The A's and Yankees played a thrilling eleven-inning game last night, but let's skip straight to the action in the eighth inning, as it was in the top of the eighth that the worm turned for the Bronx Bombers.
With the game tied 4-4, Oakland manager Bob Geren called on his ace set-up man Justin Duchscherer to face the heart of the Yankee order. Alex Rodriguez singled on Duchscherer's first pitch. Jason Giambi followed by yanking a double into the corner in right field, pushing Rodriguez to third. Joe Torre sent in Kevin Thompson to pinch-run for designated hitter Giambi at second base with Jorge Posada coming to the plate. Posada worked a 2-1 count then hit a blistering liner directly at first baseman Todd Walker for the first out. Geren then elected to have Duchscherer intentionally walk Robinson Cano to load the bases, thus allowing Duchscherer to Doug Mientkiewicz with a force at every base.
At this point Mientkiewicz was 0 for his last 18 with just one walk over that span. In his three previous at-bats in this game he had struck out and hit into two double plays, the first a line-drive to left that doubled up Posada at first, the second a conventional 4-6-3 that plated a run, but otherwise killed a bases-loaded, no-out rally in the sixth.
Now, if you're Joe Torre, or even Yankee bench coach Don Mattingly, what do you do in this situation.
If your answer is anything other than "squeeze bunt," you lose, and so did the Yankees.
Torre had Mientkiewicz hitting away. Duchscherer's first pitch was a ball, high over the plate. His second was a strike right down the middle, belt-high, a perfect pitch to bunt. His 1-1 offering was an inside strike just below the belt, and even better pitch to bunt. Mientkiewicz swing and hit a flare just over the mound. Duchscherer scrambled to make the catch, but the ball tipped off his glove, then bounced and glanced off his bare hand. Duchscherer fell to the ground, smothered the ball and, from a sitting position, threw home to nail Alex Rodriguez, who had been forced to hold up to avoid being doubled off had Duchscherer made the catch.
The Yankees had two chances to score the go-ahead run in the eighth inning via an out. After Posada's bad luck left them one more chance and their worst hitter at the plate, the Yankees had no excuse not to take the almost sure thing of a squeeze bunt, but refused. It ultimately cost them the game.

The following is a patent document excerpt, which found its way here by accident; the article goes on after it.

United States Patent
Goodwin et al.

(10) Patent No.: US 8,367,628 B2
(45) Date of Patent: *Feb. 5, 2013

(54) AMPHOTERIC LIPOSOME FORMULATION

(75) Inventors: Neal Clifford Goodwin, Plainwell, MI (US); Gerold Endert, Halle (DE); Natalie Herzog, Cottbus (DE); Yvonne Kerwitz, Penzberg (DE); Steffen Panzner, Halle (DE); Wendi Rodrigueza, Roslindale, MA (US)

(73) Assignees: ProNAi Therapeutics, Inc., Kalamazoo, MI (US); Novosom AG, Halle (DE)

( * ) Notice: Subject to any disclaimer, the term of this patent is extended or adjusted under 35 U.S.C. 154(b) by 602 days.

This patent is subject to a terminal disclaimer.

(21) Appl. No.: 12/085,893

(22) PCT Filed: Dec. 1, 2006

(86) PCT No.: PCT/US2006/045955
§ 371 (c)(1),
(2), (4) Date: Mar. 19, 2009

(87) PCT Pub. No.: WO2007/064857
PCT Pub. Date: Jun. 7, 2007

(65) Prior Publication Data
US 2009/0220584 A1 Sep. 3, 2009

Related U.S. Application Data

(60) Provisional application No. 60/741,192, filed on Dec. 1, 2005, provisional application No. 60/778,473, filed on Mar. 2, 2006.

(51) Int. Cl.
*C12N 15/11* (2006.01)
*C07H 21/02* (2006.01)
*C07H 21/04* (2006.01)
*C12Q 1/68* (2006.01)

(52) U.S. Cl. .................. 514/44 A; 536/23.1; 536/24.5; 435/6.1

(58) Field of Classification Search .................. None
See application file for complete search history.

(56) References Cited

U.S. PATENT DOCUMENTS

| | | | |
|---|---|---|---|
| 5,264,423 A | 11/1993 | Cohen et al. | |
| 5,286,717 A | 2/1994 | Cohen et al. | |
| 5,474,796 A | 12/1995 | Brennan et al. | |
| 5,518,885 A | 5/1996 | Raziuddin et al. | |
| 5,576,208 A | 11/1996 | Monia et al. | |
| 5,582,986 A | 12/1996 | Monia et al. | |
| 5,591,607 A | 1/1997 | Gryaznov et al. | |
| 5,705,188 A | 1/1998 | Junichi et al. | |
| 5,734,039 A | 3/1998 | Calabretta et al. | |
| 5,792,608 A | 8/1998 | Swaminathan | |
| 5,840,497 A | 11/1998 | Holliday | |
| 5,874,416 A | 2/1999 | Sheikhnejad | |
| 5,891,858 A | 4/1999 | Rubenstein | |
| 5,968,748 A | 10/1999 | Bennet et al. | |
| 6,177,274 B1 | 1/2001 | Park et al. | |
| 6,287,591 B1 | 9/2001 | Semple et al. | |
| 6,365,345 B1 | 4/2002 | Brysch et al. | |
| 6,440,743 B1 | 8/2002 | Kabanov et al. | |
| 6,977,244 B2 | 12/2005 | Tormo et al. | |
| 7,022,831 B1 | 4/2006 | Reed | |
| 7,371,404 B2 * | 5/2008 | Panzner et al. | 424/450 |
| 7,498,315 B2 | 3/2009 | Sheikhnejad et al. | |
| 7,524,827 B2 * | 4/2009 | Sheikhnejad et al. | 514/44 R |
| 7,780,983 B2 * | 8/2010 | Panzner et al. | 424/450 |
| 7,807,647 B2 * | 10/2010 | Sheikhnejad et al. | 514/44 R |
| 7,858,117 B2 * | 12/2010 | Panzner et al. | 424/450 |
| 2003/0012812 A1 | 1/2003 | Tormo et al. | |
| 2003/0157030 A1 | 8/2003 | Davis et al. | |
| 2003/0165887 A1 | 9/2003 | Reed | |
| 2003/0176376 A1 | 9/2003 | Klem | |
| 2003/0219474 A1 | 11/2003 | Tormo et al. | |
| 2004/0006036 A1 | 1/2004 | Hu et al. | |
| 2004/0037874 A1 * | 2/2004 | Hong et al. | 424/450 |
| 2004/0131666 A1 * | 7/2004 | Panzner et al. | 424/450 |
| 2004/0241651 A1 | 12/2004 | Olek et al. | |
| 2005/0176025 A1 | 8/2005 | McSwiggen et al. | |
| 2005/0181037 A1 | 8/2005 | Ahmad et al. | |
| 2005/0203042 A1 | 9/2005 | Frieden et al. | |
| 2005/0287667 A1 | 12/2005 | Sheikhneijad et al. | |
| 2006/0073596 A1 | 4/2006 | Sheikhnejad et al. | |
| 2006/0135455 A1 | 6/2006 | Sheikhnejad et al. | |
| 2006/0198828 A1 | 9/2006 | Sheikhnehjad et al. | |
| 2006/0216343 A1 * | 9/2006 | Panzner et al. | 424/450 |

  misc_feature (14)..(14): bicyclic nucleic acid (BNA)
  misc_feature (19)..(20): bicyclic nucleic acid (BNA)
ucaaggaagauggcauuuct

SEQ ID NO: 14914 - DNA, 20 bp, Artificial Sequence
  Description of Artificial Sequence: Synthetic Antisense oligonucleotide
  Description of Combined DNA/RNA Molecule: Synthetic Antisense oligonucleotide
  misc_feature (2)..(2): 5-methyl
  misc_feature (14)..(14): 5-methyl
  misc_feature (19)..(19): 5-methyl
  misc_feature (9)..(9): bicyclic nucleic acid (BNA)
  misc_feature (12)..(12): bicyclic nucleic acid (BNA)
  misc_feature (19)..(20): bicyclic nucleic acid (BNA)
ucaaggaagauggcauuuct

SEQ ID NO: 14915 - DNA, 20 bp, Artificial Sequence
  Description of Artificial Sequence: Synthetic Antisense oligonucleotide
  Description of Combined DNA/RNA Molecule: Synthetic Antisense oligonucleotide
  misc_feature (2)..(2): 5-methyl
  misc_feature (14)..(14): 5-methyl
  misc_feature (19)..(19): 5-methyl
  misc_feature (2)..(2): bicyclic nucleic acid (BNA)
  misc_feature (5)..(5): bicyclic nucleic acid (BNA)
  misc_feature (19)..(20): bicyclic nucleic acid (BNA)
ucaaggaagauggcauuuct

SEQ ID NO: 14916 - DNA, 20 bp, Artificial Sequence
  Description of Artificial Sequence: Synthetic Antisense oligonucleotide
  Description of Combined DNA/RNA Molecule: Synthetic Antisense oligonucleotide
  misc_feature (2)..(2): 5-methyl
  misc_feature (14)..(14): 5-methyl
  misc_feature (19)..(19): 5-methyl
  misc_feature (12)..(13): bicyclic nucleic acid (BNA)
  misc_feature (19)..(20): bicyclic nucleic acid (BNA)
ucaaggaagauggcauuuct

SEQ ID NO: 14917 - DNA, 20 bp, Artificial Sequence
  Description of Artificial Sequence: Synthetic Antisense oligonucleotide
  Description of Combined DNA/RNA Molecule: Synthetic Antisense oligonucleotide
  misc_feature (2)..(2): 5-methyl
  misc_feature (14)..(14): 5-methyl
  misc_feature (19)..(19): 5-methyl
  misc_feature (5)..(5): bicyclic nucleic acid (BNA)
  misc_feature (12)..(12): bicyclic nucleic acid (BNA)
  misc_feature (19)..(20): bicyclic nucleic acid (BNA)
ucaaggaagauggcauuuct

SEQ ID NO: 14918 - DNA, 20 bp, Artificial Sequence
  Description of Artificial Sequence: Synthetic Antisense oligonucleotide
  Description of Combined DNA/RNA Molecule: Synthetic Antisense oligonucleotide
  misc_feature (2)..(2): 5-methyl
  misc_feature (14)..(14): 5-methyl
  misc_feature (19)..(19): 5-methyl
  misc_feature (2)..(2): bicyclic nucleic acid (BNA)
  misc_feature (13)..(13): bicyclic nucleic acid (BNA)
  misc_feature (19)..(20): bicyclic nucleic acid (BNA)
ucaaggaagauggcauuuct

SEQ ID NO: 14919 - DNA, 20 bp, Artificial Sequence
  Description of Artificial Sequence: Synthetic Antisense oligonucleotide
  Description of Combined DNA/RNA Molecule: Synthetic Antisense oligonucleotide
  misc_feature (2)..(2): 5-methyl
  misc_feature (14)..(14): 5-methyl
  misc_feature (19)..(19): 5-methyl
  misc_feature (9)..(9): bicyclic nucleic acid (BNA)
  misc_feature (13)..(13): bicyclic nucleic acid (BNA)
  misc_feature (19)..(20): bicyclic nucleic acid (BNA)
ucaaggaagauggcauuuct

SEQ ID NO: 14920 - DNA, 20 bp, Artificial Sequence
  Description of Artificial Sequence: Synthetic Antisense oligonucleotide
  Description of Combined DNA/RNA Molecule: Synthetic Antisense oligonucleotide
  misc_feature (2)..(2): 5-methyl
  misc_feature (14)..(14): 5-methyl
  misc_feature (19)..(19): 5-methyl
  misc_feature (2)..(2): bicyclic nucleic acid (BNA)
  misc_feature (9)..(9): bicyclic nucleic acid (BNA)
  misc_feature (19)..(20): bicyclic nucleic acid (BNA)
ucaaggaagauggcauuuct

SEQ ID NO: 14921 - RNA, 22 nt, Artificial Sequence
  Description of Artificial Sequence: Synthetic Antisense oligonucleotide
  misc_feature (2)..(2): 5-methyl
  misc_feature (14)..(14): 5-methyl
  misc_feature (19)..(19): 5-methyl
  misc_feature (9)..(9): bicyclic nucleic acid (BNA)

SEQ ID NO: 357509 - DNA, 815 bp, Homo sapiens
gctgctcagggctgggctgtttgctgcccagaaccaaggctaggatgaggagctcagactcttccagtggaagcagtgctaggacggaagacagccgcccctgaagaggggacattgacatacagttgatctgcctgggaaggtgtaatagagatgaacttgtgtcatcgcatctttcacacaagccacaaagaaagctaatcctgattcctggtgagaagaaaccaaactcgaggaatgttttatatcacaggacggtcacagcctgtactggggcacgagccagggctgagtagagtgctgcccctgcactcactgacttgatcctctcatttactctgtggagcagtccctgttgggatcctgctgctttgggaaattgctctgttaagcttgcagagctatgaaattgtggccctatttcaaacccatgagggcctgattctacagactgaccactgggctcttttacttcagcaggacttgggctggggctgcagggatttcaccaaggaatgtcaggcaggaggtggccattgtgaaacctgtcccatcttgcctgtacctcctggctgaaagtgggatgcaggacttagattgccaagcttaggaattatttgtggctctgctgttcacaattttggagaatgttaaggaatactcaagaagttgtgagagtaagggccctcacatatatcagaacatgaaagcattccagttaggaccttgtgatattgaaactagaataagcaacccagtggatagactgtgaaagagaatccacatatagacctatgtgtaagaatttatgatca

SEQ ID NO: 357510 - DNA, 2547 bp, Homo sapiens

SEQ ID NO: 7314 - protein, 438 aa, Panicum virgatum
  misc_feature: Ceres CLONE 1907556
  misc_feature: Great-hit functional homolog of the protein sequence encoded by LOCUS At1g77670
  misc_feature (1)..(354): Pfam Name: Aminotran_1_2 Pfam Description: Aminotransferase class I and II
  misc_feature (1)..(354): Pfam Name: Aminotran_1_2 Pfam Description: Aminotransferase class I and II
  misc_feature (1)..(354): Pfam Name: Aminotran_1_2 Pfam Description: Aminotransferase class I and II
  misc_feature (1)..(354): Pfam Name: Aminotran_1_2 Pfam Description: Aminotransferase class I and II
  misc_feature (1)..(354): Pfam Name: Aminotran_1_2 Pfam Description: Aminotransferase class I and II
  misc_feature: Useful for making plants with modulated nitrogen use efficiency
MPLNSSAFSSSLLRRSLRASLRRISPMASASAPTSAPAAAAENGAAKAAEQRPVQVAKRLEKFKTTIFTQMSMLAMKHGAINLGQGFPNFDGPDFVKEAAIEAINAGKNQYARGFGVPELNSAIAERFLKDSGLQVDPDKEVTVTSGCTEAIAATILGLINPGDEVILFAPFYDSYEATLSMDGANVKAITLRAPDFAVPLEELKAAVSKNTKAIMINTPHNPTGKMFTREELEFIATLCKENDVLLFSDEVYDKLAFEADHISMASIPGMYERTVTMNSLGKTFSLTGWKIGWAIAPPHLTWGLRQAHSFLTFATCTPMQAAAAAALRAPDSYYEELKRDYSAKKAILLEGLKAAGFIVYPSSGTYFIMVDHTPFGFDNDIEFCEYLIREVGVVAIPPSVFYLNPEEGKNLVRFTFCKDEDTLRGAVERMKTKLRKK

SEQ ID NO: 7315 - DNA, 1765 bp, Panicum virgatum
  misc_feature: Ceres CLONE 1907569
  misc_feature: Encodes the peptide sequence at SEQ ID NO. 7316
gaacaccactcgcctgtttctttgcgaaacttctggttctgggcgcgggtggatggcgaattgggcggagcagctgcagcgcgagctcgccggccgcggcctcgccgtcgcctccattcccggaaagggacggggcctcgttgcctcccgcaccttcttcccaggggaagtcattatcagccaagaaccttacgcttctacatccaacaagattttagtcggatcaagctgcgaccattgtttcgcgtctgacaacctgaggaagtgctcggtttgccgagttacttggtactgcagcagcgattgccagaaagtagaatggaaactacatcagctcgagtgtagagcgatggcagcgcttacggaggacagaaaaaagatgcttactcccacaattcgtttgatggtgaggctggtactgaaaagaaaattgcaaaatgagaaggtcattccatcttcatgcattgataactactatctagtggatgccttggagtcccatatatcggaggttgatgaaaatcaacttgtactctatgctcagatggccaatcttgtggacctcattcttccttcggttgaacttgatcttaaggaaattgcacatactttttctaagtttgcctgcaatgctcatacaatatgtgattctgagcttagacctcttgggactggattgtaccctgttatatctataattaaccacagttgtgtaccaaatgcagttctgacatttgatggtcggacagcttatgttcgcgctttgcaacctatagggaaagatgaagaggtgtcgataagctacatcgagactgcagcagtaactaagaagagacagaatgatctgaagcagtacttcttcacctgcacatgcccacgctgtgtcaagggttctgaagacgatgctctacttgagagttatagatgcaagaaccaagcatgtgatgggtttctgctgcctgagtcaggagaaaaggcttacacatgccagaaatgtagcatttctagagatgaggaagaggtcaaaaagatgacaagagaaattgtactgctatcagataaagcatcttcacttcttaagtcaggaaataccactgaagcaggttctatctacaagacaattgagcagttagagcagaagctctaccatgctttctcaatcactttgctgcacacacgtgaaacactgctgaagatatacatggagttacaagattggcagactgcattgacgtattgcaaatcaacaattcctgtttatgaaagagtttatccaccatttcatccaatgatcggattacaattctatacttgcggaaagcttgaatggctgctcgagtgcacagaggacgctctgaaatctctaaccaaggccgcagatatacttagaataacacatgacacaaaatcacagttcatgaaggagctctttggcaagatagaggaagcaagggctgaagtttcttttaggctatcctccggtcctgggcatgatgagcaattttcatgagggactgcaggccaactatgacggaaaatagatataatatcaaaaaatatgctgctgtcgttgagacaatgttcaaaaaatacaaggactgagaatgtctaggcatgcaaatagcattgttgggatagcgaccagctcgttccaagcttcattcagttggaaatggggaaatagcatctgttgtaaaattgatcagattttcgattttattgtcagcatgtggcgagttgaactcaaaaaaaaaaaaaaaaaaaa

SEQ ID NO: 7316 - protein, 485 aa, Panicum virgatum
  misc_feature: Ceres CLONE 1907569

This refusal to attempt the squeeze has been consistent during Joe Torre's tenure as Yankee manager. The most famous instance was in Game Four of the 2003 World Series, the infamous Jeff Weaver Game. With the score tied at 3-3 in the top of the eleventh, the Yankees had runners on second and third with the pitcher's spot due up. Much like the A's last night, the Marlins walked pinch hitter Juan Rivera to face Aaron Boone, who, other than his ALCS-winning homer, had struggled mightily throughout postseason. A squeeze bunt would have given the Yankees the lead with Mariano Rivera available to pitch the bottom of the eleventh. Instead, Torre had Boone hit away. He struck out, John Flaherty popped out to end the inning, and the Yankees lost both the game and the series.
This year's Baseball Prospectus annual has managerial statistics dating back to 2004. In over the last three seasons, the Yankees under Torre have zero successful squeeze attempts. They did attempt one squeeze last September, but it came after the division had been sown up in a game the Yankees were already leading 4-1. Derek Jeter was the runner at third and Andy Cannizaro was the batter. The Devil Rays identified the play and pitched out, nailing Jeter at the plate. That the Yankees lack the fundementals to successfully execute the squeeze bunt is as much the fault of Torre and his coaching staff as his failure to call for the play in a situation that required it.